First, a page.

I re-surfaced this week, and I went along to a book launch at the wonderful London Review of Books bookshop, just by the British Museum.
The book was How to Make Good Decisions and Be Right All the Time: Solving the Riddle of Right and Wrong.
The author is Iain King, with whom I was at university but had not seen for some fifteen years. Iain gave an engaging and thoughtful talk, a tone which is reflected fully in the book.
Iain is especially good at demolishing conventional ethical arguments, and he is also a persuasive advocate for "value" being central to any worthwhile system of ethics.
...I am afraid I see both the book and the underlying project as probably misconceived.
The book offers the possibility of moral certainty. Indeed, the title makes this offer as express and direct as it could be.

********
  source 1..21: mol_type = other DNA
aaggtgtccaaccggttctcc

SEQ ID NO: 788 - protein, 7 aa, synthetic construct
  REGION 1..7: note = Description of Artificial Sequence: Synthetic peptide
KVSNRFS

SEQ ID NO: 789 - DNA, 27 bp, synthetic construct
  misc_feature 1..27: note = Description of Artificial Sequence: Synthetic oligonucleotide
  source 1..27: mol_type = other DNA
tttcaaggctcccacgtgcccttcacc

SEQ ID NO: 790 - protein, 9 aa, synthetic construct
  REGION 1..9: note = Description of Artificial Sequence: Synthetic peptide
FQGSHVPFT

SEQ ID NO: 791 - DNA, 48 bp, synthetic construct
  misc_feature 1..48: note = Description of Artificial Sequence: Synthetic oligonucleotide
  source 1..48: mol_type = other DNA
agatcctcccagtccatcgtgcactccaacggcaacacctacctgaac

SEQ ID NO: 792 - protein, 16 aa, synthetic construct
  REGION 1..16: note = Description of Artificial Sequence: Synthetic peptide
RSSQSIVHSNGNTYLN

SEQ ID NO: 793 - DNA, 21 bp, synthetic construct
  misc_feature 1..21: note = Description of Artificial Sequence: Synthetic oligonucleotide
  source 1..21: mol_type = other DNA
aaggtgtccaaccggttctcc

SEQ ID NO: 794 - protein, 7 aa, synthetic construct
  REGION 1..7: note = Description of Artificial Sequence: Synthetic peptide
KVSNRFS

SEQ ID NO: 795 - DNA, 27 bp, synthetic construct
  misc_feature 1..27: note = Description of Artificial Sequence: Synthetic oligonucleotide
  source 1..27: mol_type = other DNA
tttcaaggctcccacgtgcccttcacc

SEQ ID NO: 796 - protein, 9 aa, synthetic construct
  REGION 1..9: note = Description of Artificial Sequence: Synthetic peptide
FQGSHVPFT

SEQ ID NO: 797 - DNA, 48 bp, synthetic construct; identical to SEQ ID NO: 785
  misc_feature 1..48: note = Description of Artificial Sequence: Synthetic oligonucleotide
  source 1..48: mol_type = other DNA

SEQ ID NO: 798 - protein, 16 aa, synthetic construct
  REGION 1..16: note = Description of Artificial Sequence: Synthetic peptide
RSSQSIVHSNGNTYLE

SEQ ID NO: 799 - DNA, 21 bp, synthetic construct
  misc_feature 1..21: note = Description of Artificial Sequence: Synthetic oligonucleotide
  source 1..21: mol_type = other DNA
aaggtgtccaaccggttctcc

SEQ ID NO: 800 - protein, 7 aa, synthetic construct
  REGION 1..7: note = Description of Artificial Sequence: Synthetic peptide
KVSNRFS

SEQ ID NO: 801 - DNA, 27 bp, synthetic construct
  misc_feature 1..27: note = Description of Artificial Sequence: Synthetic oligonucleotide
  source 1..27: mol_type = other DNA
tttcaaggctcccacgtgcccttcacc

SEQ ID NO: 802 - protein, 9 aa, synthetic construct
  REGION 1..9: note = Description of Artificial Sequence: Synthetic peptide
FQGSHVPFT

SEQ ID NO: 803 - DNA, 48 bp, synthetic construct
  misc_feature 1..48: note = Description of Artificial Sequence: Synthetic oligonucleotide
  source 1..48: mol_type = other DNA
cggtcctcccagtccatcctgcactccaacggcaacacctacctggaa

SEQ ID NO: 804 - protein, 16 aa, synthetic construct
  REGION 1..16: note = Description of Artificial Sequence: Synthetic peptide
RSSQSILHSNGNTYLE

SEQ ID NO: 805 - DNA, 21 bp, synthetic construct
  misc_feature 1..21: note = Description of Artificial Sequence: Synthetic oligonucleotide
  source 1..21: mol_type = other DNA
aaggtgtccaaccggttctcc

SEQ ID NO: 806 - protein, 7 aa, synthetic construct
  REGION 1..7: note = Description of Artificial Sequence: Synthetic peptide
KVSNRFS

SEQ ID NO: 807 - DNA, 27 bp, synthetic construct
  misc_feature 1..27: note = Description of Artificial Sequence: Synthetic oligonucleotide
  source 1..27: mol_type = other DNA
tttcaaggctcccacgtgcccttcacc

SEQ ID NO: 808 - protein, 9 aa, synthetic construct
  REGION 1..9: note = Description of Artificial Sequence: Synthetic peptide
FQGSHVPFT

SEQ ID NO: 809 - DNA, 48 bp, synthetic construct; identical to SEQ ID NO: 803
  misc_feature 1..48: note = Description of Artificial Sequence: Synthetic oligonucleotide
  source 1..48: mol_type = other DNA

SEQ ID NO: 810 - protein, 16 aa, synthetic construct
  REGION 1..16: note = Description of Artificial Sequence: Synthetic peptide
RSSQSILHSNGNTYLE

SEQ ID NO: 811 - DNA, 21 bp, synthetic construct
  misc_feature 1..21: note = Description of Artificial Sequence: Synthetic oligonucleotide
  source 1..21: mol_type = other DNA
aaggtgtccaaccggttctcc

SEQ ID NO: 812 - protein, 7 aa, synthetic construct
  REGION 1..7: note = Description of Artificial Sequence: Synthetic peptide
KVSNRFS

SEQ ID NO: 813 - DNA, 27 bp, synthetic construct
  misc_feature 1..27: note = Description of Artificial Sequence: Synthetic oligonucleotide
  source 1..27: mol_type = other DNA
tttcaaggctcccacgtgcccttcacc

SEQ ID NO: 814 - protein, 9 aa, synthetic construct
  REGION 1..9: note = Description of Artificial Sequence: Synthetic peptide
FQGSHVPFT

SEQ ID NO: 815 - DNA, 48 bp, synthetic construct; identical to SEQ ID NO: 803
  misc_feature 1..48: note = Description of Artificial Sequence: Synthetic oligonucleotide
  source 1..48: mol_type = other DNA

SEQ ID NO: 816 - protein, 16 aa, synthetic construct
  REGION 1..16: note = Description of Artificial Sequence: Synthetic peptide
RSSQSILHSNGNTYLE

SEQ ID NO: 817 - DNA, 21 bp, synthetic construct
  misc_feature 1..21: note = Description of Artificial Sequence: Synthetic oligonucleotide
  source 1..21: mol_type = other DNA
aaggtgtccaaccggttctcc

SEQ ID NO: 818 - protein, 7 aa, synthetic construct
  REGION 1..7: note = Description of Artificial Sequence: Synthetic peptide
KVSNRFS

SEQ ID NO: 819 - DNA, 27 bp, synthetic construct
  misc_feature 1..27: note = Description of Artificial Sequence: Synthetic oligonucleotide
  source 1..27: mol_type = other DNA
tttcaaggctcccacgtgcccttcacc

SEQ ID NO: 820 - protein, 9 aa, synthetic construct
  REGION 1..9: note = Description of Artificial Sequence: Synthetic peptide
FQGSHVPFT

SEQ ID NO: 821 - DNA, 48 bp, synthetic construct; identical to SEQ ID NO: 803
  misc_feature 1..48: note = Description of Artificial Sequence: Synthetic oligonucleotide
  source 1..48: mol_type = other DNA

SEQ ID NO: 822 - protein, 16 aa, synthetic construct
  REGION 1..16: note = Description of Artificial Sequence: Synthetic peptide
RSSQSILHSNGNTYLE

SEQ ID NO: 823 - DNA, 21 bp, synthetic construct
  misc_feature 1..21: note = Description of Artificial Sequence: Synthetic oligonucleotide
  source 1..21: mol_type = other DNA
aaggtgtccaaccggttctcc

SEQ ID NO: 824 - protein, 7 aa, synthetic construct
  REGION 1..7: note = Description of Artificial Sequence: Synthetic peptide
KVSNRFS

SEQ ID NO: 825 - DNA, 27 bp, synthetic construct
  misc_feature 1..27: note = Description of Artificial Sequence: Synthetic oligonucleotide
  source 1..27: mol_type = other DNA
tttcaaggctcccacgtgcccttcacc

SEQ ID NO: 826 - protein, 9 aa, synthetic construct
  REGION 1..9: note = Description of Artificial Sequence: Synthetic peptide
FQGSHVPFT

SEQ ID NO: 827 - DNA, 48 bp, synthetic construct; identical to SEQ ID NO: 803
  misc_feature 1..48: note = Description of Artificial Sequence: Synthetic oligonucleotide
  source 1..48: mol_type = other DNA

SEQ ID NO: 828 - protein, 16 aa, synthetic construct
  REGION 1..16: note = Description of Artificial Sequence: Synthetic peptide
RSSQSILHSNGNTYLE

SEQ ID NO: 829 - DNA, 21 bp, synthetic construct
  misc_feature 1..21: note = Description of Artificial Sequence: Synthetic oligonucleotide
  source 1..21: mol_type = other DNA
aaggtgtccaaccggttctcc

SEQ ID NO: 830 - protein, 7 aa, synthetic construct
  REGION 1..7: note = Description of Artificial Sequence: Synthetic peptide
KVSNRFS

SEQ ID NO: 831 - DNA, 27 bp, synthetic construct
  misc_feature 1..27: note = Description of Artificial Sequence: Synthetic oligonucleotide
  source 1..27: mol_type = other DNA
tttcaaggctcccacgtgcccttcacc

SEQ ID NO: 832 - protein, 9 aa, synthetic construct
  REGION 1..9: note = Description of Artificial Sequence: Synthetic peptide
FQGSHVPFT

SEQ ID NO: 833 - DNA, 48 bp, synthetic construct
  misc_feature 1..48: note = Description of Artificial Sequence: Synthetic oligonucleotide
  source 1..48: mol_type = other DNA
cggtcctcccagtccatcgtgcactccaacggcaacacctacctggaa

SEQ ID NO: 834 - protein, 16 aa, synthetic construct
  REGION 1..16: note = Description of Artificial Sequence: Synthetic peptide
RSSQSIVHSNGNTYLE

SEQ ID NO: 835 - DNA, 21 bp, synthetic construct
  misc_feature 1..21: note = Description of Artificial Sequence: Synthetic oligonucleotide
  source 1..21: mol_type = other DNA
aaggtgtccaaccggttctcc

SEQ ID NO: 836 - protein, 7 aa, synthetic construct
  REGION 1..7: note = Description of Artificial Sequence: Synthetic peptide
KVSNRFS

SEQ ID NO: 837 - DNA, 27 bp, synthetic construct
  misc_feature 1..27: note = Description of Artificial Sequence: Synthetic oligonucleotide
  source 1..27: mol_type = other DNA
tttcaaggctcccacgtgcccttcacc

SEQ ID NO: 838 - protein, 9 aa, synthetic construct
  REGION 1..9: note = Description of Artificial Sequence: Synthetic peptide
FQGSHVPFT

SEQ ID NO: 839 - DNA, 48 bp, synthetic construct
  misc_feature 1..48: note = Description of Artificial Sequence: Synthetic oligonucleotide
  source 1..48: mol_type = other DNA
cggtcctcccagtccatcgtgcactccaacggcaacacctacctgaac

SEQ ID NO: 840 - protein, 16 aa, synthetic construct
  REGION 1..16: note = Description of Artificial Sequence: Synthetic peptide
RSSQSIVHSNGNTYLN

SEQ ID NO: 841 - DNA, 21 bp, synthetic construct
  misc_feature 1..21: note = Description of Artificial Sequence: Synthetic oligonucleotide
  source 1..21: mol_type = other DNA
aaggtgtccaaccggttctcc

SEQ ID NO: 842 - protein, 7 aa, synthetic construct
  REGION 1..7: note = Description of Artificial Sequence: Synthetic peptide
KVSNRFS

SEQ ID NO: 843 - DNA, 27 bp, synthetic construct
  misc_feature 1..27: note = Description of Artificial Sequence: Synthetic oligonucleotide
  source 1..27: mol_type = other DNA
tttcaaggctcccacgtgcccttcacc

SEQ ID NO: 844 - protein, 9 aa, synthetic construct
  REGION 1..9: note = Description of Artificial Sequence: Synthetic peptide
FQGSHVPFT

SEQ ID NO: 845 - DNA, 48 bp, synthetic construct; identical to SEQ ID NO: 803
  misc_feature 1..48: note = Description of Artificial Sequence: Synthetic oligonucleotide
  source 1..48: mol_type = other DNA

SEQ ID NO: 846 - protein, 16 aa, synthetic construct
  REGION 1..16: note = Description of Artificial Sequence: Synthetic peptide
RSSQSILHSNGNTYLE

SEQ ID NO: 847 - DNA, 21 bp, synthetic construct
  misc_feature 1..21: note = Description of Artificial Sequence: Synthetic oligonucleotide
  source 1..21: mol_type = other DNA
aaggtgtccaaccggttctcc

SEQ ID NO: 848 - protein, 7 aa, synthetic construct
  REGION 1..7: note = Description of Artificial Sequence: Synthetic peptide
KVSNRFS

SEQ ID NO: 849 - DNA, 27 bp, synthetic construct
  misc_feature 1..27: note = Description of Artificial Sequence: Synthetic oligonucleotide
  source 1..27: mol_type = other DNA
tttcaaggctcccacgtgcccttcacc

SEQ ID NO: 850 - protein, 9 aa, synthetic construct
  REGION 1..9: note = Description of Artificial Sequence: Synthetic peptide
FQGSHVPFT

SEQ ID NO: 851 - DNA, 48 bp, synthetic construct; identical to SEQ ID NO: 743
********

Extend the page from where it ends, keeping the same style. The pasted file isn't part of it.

In my view, however, the ongoing possibility of one being wrong in one's moral views is a powerful civilizing force; the wider the possibilities of being wrong are shared, the better the world will be.
One problem in this world is that there is too much moral certainty, and it really shouldn't be encouraged any further.
A better task for contemporary ethics would be to restrict the bases on which there can be moral certainty, to make it more difficult for cruel and dishonest people to have the comfort of feeling they are absolutely right.
In this way, it may be that Iain's book and his project are part of the problem, and not part of the solution.